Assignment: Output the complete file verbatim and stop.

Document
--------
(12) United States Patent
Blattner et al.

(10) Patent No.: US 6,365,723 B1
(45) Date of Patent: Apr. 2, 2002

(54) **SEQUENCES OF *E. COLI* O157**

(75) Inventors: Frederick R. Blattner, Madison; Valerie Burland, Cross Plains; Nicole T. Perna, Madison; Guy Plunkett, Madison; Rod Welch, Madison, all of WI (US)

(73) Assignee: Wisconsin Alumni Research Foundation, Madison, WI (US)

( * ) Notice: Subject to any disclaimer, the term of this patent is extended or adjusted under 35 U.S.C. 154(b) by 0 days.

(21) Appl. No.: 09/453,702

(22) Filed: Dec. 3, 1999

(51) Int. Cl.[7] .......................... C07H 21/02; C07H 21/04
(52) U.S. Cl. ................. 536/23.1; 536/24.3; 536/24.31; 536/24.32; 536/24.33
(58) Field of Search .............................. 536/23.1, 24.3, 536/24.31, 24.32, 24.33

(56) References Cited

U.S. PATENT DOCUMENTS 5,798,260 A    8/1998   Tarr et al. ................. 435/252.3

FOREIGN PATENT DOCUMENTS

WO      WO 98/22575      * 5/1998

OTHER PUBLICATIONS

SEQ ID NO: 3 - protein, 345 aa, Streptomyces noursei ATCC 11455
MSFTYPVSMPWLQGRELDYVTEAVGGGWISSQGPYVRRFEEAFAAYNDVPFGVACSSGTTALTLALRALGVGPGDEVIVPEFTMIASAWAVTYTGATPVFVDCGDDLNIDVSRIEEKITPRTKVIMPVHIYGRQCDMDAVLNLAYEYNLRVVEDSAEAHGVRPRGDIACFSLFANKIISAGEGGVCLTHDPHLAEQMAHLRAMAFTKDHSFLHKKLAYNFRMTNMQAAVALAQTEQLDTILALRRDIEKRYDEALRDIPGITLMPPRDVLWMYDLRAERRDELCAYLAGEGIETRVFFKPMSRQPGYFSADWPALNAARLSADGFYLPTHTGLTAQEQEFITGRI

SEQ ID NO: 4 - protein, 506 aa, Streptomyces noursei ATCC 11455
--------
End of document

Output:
(12) United States Patent
Blattner et al.

(10) Patent No.: US 6,365,723 B1
(45) Date of Patent: Apr. 2, 2002

(54) **SEQUENCES OF *E. COLI* O157**

(75) Inventors: Frederick R. Blattner, Madison; Valerie Burland, Cross Plains; Nicole T. Perna, Madison; Guy Plunkett, Madison; Rod Welch, Madison, all of WI (US)

(73) Assignee: Wisconsin Alumni Research Foundation, Madison, WI (US)

( * ) Notice: Subject to any disclaimer, the term of this patent is extended or adjusted under 35 U.S.C. 154(b) by 0 days.

(21) Appl. No.: 09/453,702

(22) Filed: Dec. 3, 1999

(51) Int. Cl.[7] .......................... C07H 21/02; C07H 21/04
(52) U.S. Cl. ................. 536/23.1; 536/24.3; 536/24.31; 536/24.32; 536/24.33
(58) Field of Search .............................. 536/23.1, 24.3, 536/24.31, 24.32, 24.33

(56) References Cited

U.S. PATENT DOCUMENTS 5,798,260 A    8/1998   Tarr et al. ................. 435/252.3

FOREIGN PATENT DOCUMENTS

WO      WO 98/22575      * 5/1998

OTHER PUBLICATIONS

SEQ ID NO: 3 - protein, 345 aa, Streptomyces noursei ATCC 11455
MSFTYPVSMPWLQGRELDYVTEAVGGGWISSQGPYVRRFEEAFAAYNDVPFGVACSSGTTALTLALRALGVGPGDEVIVPEFTMIASAWAVTYTGATPVFVDCGDDLNIDVSRIEEKITPRTKVIMPVHIYGRQCDMDAVLNLAYEYNLRVVEDSAEAHGVRPRGDIACFSLFANKIISAGEGGVCLTHDPHLAEQMAHLRAMAFTKDHSFLHKKLAYNFRMTNMQAAVALAQTEQLDTILALRRDIEKRYDEALRDIPGITLMPPRDVLWMYDLRAERRDELCAYLAGEGIETRVFFKPMSRQPGYFSADWPALNAARLSADGFYLPTHTGLTAQEQEFITGRI

SEQ ID NO: 4 - protein, 506 aa, Streptomyces noursei ATCC 11455